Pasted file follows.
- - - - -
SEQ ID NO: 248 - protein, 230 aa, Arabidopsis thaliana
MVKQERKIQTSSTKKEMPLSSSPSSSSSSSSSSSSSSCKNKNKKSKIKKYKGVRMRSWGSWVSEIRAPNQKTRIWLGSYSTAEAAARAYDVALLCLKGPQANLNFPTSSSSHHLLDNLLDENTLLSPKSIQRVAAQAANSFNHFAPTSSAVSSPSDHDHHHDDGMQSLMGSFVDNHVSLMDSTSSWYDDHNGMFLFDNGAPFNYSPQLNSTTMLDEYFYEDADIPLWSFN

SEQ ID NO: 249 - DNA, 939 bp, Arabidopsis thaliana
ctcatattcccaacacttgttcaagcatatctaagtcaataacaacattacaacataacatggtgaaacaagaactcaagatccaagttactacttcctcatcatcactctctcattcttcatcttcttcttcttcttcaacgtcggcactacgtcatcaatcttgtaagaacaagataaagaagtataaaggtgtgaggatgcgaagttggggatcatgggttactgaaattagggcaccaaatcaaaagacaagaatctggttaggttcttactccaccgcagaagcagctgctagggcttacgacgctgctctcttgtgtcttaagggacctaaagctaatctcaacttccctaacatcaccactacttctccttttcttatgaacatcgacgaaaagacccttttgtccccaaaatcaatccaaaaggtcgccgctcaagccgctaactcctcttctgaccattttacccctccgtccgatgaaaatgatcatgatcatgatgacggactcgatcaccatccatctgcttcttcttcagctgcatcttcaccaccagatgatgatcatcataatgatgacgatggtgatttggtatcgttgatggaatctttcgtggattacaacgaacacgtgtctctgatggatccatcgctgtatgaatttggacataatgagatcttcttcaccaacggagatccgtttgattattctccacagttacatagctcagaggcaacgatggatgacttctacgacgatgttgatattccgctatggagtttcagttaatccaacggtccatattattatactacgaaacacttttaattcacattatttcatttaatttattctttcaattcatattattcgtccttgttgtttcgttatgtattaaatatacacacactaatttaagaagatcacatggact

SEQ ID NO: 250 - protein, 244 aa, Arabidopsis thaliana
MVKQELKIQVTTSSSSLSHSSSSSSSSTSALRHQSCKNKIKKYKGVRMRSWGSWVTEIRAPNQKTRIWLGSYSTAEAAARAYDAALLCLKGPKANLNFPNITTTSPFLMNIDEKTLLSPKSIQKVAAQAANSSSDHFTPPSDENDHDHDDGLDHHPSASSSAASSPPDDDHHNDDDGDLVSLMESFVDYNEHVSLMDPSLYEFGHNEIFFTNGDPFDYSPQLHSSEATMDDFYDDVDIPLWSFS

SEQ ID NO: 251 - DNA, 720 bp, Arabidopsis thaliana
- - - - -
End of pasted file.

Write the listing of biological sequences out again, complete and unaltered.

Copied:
SEQ ID NO: 248 - protein, 230 aa, Arabidopsis thaliana
MVKQERKIQTSSTKKEMPLSSSPSSSSSSSSSSSSSSCKNKNKKSKIKKYKGVRMRSWGSWVSEIRAPNQKTRIWLGSYSTAEAAARAYDVALLCLKGPQANLNFPTSSSSHHLLDNLLDENTLLSPKSIQRVAAQAANSFNHFAPTSSAVSSPSDHDHHHDDGMQSLMGSFVDNHVSLMDSTSSWYDDHNGMFLFDNGAPFNYSPQLNSTTMLDEYFYEDADIPLWSFN

SEQ ID NO: 249 - DNA, 939 bp, Arabidopsis thaliana
ctcatattcccaacacttgttcaagcatatctaagtcaataacaacattacaacataacatggtgaaacaagaactcaagatccaagttactacttcctcatcatcactctctcattcttcatcttcttcttcttcttcaacgtcggcactacgtcatcaatcttgtaagaacaagataaagaagtataaaggtgtgaggatgcgaagttggggatcatgggttactgaaattagggcaccaaatcaaaagacaagaatctggttaggttcttactccaccgcagaagcagctgctagggcttacgacgctgctctcttgtgtcttaagggacctaaagctaatctcaacttccctaacatcaccactacttctccttttcttatgaacatcgacgaaaagacccttttgtccccaaaatcaatccaaaaggtcgccgctcaagccgctaactcctcttctgaccattttacccctccgtccgatgaaaatgatcatgatcatgatgacggactcgatcaccatccatctgcttcttcttcagctgcatcttcaccaccagatgatgatcatcataatgatgacgatggtgatttggtatcgttgatggaatctttcgtggattacaacgaacacgtgtctctgatggatccatcgctgtatgaatttggacataatgagatcttcttcaccaacggagatccgtttgattattctccacagttacatagctcagaggcaacgatggatgacttctacgacgatgttgatattccgctatggagtttcagttaatccaacggtccatattattatactacgaaacacttttaattcacattatttcatttaatttattctttcaattcatattattcgtccttgttgtttcgttatgtattaaatatacacacactaatttaagaagatcacatggact

SEQ ID NO: 250 - protein, 244 aa, Arabidopsis thaliana
MVKQELKIQVTTSSSSLSHSSSSSSSSTSALRHQSCKNKIKKYKGVRMRSWGSWVTEIRAPNQKTRIWLGSYSTAEAAARAYDAALLCLKGPKANLNFPNITTTSPFLMNIDEKTLLSPKSIQKVAAQAANSSSDHFTPPSDENDHDHDDGLDHHPSASSSAASSPPDDDHHNDDDGDLVSLMESFVDYNEHVSLMDPSLYEFGHNEIFFTNGDPFDYSPQLHSSEATMDDFYDDVDIPLWSFS

SEQ ID NO: 251 - DNA, 720 bp, Arabidopsis thaliana